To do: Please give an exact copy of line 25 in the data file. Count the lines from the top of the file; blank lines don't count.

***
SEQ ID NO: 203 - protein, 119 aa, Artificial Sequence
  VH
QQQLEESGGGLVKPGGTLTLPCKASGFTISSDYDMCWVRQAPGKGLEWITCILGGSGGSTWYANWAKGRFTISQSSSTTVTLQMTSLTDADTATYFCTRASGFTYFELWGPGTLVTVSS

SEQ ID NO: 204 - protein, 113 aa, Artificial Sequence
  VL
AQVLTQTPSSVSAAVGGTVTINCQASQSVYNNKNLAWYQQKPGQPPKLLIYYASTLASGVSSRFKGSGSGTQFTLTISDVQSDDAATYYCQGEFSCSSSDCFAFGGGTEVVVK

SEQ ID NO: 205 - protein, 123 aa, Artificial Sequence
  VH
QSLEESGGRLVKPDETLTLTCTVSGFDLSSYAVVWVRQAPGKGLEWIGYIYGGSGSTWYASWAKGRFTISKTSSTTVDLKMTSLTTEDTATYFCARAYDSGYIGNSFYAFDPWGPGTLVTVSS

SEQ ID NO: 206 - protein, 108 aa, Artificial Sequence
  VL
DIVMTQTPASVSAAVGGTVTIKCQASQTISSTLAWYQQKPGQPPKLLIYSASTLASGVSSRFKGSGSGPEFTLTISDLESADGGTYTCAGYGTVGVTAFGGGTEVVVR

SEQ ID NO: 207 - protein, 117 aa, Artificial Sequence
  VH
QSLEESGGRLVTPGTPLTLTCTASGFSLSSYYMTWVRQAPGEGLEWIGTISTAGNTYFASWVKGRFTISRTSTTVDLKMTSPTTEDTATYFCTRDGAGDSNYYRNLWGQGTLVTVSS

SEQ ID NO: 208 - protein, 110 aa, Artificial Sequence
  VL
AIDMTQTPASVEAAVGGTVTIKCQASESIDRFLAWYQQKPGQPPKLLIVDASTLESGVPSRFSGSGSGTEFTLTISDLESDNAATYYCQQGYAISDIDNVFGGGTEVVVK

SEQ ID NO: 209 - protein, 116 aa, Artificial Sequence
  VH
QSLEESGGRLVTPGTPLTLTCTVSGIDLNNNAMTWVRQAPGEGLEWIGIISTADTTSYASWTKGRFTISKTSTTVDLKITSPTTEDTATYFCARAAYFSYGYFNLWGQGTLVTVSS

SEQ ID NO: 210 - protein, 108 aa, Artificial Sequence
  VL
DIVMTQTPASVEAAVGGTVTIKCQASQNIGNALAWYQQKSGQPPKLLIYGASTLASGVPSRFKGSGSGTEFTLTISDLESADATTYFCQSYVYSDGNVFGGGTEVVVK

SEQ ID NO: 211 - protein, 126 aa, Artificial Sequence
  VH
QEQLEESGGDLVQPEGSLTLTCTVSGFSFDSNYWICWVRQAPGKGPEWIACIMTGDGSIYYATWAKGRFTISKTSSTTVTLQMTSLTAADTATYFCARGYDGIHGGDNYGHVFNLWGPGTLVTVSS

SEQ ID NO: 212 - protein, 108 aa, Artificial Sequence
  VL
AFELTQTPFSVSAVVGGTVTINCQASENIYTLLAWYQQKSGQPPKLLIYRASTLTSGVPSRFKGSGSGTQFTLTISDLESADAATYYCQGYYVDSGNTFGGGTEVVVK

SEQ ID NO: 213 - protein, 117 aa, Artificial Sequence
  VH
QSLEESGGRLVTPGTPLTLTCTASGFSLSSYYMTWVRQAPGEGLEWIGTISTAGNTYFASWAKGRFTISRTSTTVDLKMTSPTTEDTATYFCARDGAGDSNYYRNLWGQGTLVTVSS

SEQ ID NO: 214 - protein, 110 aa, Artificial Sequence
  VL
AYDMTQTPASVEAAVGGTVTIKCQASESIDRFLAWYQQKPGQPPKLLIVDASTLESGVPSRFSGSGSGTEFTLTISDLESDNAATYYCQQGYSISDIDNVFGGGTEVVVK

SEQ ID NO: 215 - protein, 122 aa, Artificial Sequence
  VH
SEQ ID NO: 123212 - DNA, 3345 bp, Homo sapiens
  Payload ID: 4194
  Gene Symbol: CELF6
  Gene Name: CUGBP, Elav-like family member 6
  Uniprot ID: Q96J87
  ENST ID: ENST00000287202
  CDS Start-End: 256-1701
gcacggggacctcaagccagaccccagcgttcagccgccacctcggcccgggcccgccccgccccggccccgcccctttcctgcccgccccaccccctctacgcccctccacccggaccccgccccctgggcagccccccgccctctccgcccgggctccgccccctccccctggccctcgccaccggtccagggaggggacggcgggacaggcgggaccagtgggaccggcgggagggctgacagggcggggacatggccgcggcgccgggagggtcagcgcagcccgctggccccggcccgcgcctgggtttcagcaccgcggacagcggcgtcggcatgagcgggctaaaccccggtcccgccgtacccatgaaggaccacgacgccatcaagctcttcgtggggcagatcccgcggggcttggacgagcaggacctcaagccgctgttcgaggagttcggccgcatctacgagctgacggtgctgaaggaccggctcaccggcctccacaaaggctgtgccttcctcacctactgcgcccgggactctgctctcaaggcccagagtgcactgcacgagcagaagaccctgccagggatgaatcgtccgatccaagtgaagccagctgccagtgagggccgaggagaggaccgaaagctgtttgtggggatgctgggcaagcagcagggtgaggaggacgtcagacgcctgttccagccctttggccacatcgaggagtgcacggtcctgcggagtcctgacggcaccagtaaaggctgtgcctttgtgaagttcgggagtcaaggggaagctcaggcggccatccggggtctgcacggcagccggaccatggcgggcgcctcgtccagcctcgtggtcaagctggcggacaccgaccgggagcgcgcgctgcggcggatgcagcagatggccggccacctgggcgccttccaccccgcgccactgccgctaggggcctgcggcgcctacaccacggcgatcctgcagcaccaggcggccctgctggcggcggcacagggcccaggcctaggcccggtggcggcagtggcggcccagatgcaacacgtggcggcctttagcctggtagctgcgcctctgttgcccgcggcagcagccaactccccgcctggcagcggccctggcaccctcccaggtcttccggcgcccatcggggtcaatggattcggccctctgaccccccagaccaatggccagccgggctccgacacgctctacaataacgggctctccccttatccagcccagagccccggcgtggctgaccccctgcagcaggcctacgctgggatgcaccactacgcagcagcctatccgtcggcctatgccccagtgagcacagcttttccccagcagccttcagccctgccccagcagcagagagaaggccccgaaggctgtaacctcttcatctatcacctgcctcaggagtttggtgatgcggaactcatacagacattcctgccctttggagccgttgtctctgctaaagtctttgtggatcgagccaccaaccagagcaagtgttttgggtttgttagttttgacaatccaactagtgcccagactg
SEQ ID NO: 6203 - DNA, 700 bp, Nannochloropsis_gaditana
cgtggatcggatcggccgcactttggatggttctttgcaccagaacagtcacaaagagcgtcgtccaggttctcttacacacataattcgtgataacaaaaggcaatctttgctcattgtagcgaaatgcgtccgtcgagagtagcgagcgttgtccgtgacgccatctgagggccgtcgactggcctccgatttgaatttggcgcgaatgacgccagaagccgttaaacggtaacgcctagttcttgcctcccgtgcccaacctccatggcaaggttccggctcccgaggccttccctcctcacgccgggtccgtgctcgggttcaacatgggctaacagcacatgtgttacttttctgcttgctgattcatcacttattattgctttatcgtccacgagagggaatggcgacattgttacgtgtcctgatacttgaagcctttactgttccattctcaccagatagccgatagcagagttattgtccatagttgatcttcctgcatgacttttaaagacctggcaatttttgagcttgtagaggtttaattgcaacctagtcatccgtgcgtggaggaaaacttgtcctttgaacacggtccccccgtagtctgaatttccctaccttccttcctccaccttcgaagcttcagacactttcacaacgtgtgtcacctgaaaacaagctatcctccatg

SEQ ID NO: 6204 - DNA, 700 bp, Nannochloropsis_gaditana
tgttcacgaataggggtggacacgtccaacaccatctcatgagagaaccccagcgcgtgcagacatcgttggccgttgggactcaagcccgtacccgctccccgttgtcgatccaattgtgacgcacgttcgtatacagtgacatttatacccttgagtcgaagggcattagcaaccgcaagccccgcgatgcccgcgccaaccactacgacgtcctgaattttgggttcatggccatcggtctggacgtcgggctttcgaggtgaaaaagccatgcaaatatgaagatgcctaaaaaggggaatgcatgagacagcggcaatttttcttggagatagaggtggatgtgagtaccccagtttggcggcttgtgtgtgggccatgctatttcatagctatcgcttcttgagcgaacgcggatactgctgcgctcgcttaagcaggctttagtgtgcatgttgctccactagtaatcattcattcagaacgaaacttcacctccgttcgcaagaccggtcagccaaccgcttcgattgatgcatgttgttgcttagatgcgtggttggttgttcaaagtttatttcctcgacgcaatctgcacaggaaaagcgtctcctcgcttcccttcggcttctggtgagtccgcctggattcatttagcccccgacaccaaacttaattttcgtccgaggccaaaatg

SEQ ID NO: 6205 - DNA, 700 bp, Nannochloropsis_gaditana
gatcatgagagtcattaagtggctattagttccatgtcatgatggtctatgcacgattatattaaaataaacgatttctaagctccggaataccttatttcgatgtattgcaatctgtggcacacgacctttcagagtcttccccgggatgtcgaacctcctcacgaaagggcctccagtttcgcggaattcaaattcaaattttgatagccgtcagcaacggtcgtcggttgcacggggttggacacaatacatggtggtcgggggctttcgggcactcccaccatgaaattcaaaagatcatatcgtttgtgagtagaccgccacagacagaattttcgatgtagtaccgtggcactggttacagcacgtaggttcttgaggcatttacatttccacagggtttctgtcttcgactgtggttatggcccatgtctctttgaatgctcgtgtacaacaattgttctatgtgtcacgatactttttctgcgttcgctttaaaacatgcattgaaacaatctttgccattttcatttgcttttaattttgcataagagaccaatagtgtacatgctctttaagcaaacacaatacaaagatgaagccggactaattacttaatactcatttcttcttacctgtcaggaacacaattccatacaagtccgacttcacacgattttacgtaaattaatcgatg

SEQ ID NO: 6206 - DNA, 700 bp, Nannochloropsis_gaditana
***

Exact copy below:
SEQ ID NO: 211 - protein, 126 aa, Artificial Sequence